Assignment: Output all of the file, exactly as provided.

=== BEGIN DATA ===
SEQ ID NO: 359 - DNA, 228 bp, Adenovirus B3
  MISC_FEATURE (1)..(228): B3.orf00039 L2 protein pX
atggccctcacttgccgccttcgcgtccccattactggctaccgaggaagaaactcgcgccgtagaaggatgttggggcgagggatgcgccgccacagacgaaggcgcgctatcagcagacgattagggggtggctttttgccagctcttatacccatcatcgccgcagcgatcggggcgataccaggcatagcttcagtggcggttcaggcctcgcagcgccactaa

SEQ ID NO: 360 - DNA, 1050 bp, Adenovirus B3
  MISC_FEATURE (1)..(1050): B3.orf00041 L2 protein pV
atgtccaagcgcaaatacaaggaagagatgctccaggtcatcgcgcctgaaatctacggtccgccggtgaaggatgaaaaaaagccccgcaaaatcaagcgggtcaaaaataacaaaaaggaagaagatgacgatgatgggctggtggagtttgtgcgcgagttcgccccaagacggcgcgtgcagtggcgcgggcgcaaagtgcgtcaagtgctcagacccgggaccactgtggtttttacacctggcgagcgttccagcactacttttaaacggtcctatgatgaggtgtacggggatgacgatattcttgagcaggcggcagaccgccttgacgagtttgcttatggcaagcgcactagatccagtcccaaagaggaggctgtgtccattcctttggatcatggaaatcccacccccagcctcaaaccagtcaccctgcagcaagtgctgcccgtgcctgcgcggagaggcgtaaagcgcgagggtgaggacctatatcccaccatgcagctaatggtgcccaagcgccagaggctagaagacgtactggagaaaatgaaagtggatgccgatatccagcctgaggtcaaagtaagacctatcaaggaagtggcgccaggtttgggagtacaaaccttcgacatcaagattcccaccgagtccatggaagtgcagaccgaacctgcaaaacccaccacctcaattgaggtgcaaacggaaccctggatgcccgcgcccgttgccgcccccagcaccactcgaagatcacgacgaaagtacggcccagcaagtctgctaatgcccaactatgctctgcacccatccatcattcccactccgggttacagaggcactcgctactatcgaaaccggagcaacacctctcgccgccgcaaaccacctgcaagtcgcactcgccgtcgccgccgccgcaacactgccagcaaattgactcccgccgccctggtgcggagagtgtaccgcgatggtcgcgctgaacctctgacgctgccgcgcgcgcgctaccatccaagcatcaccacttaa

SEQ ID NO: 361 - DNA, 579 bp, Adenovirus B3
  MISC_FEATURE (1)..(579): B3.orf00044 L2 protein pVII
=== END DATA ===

SEQ ID NO: 359 - DNA, 228 bp, Adenovirus B3
  MISC_FEATURE (1)..(228): B3.orf00039 L2 protein pX
atggccctcacttgccgccttcgcgtccccattactggctaccgaggaagaaactcgcgccgtagaaggatgttggggcgagggatgcgccgccacagacgaaggcgcgctatcagcagacgattagggggtggctttttgccagctcttatacccatcatcgccgcagcgatcggggcgataccaggcatagcttcagtggcggttcaggcctcgcagcgccactaa

SEQ ID NO: 360 - DNA, 1050 bp, Adenovirus B3
  MISC_FEATURE (1)..(1050): B3.orf00041 L2 protein pV
atgtccaagcgcaaatacaaggaagagatgctccaggtcatcgcgcctgaaatctacggtccgccggtgaaggatgaaaaaaagccccgcaaaatcaagcgggtcaaaaataacaaaaaggaagaagatgacgatgatgggctggtggagtttgtgcgcgagttcgccccaagacggcgcgtgcagtggcgcgggcgcaaagtgcgtcaagtgctcagacccgggaccactgtggtttttacacctggcgagcgttccagcactacttttaaacggtcctatgatgaggtgtacggggatgacgatattcttgagcaggcggcagaccgccttgacgagtttgcttatggcaagcgcactagatccagtcccaaagaggaggctgtgtccattcctttggatcatggaaatcccacccccagcctcaaaccagtcaccctgcagcaagtgctgcccgtgcctgcgcggagaggcgtaaagcgcgagggtgaggacctatatcccaccatgcagctaatggtgcccaagcgccagaggctagaagacgtactggagaaaatgaaagtggatgccgatatccagcctgaggtcaaagtaagacctatcaaggaagtggcgccaggtttgggagtacaaaccttcgacatcaagattcccaccgagtccatggaagtgcagaccgaacctgcaaaacccaccacctcaattgaggtgcaaacggaaccctggatgcccgcgcccgttgccgcccccagcaccactcgaagatcacgacgaaagtacggcccagcaagtctgctaatgcccaactatgctctgcacccatccatcattcccactccgggttacagaggcactcgctactatcgaaaccggagcaacacctctcgccgccgcaaaccacctgcaagtcgcactcgccgtcgccgccgccgcaacactgccagcaaattgactcccgccgccctggtgcggagagtgtaccgcgatggtcgcgctgaacctctgacgctgccgcgcgcgcgctaccatccaagcatcaccacttaa

SEQ ID NO: 361 - DNA, 579 bp, Adenovirus B3
  MISC_FEATURE (1)..(579): B3.orf00044 L2 protein pVII